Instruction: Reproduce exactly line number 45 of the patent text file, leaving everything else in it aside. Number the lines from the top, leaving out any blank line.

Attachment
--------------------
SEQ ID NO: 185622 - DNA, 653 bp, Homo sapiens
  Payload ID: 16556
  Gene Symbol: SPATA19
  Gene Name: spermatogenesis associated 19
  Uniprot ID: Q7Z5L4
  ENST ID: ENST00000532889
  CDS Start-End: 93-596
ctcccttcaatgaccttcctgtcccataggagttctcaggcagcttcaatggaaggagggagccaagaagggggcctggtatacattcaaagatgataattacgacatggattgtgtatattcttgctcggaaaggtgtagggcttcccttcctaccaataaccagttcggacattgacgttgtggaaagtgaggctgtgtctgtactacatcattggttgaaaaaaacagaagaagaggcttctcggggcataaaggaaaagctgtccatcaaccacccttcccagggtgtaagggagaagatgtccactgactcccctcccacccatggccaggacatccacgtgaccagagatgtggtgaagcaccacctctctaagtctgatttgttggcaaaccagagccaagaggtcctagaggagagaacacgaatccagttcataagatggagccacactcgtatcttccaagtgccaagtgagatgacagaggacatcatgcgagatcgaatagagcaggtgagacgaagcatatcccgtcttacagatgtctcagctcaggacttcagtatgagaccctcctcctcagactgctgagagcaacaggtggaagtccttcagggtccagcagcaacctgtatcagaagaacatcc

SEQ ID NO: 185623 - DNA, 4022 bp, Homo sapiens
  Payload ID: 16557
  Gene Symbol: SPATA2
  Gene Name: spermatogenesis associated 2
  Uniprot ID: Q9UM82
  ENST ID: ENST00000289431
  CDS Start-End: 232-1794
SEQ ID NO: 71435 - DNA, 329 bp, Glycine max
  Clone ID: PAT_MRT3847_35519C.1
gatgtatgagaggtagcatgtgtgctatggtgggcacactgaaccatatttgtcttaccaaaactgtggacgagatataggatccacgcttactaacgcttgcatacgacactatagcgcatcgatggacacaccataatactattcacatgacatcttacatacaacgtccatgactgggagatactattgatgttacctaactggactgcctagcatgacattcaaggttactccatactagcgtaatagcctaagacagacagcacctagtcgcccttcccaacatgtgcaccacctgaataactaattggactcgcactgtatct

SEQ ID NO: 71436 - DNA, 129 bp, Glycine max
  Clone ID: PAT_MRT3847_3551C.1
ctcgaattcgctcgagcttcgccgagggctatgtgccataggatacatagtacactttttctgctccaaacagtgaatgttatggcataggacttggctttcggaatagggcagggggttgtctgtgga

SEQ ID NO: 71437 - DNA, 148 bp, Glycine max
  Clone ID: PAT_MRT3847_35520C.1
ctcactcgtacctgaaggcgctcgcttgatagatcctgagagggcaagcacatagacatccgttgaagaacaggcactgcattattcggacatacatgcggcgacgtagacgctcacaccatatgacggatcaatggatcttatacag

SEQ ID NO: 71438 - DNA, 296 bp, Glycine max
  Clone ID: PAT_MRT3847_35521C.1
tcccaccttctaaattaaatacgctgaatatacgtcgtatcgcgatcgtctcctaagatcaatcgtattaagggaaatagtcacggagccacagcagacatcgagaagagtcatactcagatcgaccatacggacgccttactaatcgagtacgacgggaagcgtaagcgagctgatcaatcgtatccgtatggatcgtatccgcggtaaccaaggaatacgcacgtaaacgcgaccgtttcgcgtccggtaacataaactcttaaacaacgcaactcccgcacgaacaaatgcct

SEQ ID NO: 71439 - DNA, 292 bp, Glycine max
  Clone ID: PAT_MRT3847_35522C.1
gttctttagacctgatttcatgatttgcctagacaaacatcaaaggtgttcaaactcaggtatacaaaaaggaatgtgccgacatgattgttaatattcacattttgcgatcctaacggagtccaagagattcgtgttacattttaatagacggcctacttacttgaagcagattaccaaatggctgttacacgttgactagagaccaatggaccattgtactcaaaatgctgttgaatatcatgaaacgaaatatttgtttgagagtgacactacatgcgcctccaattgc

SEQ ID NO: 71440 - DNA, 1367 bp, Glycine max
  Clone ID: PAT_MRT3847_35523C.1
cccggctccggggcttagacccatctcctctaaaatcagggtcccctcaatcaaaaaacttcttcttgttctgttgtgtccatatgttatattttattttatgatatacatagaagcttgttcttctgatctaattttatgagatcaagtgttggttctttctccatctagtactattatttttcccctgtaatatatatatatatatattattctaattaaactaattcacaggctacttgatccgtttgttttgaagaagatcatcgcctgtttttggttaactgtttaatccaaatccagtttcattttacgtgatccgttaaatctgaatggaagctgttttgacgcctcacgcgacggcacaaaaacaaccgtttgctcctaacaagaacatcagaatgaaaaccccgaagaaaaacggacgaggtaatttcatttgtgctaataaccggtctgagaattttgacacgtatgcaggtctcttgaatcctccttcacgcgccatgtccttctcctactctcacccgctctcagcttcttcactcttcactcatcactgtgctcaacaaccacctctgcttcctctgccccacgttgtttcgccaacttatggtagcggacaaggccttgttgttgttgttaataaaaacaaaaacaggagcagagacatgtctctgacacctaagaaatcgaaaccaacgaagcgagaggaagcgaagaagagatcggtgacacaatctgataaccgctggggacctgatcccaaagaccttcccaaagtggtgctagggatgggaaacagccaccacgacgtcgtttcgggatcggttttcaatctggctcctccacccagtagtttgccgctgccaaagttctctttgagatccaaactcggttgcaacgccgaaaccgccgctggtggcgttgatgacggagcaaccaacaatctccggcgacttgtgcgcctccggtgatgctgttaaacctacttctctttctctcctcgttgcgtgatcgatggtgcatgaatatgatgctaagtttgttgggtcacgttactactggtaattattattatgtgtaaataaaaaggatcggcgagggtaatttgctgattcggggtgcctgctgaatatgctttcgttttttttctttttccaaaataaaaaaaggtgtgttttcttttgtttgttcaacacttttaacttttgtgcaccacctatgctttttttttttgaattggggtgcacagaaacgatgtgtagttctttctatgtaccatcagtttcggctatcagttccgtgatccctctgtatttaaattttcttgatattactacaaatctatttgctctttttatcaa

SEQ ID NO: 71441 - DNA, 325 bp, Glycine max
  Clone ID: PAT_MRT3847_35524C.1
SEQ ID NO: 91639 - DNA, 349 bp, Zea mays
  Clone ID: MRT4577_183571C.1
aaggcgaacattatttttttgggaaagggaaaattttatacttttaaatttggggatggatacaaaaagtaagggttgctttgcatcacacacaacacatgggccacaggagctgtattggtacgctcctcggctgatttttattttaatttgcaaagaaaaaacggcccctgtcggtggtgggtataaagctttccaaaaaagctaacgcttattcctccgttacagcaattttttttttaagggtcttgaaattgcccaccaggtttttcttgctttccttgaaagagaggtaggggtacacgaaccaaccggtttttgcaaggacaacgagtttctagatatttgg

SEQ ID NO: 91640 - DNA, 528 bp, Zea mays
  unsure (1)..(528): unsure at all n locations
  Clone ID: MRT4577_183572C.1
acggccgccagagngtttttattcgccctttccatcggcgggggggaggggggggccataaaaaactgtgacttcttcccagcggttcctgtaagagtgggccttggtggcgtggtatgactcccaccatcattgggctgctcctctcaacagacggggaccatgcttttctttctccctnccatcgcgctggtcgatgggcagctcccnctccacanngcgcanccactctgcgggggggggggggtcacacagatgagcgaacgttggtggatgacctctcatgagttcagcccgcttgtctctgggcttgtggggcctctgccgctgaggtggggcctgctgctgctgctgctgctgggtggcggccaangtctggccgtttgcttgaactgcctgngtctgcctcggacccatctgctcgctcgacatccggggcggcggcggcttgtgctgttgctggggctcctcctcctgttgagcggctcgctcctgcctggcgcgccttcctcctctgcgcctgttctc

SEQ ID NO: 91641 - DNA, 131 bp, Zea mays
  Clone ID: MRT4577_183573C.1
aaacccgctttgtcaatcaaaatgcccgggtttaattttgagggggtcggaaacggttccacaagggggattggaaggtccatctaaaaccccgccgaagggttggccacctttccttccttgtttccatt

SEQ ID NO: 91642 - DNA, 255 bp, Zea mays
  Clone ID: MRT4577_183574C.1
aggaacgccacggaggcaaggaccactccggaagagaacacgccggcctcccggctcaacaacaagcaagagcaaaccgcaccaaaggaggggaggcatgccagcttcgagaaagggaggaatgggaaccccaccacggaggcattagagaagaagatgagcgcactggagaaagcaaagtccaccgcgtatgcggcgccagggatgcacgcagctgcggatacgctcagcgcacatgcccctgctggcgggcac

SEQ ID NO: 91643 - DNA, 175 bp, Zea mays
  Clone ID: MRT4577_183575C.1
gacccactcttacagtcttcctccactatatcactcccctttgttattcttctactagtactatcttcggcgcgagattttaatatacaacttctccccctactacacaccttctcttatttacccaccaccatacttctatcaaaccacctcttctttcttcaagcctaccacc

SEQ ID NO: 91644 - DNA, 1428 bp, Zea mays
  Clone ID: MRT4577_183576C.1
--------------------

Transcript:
aaacccgctttgtcaatcaaaatgcccgggtttaattttgagggggtcggaaacggttccacaagggggattggaaggtccatctaaaaccccgccgaagggttggccacctttccttccttgtttccatt